The effects of the herbicide applications are now plainly evident throughout the forest. It is really interesting to see the actual structure and stratification of native shrubs and trees revealed as the blanket of air potato has died back.
This is only the beginning of a long term non native invasive species control program. Many of the non native invasive species infesting Florida and those in our little neck of the woods will never be completely eradicated. But, by aggressively treating established populations and taking actions to prevent new introductions we hope to mitigate the detrimental effects of these invaders on our forest’s ecosystems.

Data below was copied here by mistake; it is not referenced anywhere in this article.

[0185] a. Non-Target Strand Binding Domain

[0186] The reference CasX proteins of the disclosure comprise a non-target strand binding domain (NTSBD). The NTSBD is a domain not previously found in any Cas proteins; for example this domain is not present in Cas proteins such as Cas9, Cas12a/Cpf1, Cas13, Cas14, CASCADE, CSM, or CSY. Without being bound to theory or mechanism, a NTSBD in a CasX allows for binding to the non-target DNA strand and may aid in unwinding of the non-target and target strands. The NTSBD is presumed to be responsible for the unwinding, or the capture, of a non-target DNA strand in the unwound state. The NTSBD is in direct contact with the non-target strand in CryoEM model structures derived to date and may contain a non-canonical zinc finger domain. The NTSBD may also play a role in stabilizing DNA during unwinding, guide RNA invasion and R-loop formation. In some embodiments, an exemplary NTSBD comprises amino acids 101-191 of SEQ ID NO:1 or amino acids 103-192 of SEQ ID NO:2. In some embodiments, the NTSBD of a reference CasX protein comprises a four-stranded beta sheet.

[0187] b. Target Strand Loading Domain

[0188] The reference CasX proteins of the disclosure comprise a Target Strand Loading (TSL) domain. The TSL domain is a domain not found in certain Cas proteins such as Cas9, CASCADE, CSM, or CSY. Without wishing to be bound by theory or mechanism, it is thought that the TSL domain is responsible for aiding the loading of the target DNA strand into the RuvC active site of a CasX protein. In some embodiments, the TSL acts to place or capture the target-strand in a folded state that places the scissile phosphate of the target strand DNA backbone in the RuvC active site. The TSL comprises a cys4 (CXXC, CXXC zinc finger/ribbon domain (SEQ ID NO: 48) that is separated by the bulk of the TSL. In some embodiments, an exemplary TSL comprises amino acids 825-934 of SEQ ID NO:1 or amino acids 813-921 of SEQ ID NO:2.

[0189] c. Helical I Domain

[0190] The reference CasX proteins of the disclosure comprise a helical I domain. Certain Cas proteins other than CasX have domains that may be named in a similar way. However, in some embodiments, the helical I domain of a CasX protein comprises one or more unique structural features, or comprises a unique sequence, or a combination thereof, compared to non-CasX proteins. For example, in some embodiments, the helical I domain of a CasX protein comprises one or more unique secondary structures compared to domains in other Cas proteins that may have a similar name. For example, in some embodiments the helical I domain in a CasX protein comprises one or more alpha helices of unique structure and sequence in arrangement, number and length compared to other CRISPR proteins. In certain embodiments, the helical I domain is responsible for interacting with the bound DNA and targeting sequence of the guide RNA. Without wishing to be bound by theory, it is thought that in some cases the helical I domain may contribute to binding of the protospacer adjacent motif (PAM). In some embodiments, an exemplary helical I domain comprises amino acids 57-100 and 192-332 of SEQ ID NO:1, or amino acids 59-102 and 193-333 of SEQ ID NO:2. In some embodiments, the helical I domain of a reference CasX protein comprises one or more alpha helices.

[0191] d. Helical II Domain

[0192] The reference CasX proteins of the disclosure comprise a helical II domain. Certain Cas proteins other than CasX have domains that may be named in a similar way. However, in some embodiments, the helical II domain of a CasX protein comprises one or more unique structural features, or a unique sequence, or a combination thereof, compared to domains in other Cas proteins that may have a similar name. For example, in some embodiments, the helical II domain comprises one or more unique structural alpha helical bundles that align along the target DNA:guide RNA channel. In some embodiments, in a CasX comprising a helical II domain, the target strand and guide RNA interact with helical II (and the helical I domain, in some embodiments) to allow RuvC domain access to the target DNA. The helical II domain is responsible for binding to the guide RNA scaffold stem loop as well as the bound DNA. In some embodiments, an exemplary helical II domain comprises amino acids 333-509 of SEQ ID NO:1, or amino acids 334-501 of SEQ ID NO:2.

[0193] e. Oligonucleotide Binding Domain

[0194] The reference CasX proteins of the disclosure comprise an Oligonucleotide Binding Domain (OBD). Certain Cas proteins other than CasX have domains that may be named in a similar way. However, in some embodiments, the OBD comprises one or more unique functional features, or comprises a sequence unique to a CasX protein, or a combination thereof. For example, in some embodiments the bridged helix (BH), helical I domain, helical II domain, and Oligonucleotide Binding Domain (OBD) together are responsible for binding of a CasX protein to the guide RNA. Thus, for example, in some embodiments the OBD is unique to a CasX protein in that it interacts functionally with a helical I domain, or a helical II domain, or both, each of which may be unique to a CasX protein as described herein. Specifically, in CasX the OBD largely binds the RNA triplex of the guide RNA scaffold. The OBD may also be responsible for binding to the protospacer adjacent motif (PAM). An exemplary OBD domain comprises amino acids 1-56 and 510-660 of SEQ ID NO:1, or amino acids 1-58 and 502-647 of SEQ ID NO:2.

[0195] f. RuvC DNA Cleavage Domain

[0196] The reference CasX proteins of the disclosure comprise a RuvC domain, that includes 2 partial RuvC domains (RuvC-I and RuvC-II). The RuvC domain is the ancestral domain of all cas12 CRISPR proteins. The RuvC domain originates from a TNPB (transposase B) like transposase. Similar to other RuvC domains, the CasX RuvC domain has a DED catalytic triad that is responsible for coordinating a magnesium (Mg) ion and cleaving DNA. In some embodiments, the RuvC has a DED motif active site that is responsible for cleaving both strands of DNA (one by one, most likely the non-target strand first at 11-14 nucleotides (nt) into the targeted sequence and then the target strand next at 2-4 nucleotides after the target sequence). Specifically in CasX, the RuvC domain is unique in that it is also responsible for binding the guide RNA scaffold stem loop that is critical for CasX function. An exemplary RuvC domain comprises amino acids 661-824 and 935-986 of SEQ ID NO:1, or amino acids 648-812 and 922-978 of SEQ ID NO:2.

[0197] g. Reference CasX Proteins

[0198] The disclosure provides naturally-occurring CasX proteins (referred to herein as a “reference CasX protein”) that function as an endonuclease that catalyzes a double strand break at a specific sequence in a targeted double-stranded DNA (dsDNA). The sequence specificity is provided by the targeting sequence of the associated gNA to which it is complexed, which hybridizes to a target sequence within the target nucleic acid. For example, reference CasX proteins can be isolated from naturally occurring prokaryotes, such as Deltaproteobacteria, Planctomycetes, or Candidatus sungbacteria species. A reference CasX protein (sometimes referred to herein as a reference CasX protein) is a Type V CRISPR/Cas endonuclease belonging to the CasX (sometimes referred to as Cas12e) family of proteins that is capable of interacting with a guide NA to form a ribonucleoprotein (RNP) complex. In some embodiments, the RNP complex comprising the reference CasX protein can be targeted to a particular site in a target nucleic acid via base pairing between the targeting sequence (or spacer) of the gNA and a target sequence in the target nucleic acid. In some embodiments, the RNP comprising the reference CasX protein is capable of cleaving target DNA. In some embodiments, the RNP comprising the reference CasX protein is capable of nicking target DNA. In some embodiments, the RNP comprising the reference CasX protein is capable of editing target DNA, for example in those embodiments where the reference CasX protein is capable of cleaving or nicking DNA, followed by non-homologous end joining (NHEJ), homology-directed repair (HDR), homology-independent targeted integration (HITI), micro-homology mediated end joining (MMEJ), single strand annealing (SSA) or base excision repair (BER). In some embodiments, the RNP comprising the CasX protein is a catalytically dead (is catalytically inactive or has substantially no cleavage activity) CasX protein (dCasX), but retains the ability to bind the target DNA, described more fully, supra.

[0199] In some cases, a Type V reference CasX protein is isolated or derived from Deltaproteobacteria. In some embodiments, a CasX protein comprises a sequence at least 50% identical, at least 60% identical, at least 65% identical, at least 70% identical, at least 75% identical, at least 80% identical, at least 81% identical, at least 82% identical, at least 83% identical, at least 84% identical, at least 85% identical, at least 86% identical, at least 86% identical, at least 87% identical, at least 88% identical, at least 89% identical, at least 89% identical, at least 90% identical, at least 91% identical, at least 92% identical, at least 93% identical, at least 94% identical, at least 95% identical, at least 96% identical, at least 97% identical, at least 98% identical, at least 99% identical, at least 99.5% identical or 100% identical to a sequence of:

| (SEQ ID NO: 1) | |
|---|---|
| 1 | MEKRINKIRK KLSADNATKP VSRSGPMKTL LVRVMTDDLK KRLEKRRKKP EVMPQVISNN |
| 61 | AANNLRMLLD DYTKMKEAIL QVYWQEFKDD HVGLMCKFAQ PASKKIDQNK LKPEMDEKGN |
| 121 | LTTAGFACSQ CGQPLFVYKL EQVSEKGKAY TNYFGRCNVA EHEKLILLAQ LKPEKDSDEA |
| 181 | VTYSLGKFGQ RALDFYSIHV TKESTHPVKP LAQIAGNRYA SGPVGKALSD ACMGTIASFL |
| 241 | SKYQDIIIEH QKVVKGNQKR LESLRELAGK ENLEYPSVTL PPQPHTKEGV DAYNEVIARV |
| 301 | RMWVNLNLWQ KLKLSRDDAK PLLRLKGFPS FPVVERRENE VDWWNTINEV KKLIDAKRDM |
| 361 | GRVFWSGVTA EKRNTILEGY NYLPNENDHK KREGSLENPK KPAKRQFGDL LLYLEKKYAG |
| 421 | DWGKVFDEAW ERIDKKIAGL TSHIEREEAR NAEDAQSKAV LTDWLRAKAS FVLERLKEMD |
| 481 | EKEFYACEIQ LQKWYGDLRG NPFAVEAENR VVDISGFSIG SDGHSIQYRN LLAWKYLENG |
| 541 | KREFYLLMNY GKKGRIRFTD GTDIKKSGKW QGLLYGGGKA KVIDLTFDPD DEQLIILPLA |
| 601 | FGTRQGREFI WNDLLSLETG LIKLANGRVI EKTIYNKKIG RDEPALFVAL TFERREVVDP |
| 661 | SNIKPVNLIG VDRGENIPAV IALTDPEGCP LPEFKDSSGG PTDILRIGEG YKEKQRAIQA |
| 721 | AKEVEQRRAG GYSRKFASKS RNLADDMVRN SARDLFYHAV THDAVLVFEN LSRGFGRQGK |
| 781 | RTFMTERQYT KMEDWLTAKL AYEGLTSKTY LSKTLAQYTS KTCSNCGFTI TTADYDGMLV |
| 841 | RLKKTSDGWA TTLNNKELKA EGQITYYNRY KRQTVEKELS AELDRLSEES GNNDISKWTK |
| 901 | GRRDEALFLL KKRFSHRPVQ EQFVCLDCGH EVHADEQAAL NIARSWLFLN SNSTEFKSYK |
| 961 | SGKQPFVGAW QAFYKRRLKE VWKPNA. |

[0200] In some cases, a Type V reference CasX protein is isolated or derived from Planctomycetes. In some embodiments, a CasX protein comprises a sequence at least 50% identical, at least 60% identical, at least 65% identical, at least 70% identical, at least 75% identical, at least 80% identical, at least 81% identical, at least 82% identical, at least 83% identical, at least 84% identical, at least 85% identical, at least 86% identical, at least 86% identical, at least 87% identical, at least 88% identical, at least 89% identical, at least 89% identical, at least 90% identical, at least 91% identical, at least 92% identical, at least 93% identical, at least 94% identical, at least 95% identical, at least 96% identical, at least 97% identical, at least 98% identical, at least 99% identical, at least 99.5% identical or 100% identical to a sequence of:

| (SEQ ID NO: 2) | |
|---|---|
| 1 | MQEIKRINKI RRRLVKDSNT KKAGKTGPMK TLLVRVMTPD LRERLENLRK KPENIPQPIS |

Although it may hard to believe, there are some positives associated with the invasion of non native species. There are opportunities for educational outreach and for people of varied backgrounds to come together to tackle an issue that affects us all. On that note, one of the greatest challenges we will face in the Back Woods will be maintaining the level of non native species suppression obtained by the professional treatments. Volunteers will be critical to the process helping us locate and identify new outbreaks, monitor and control existing populations, and educate the public to the threats posed by non native invasive plant species. If you would like to learn more about Florida ecosystems by volunteering in the Back Woods at Mosi, please contact our volunteer team, Joel Bates, JoelB@MOSI.org, or Esteban Tarré, EstebanT@MOSI.org, at (813) 987-6370.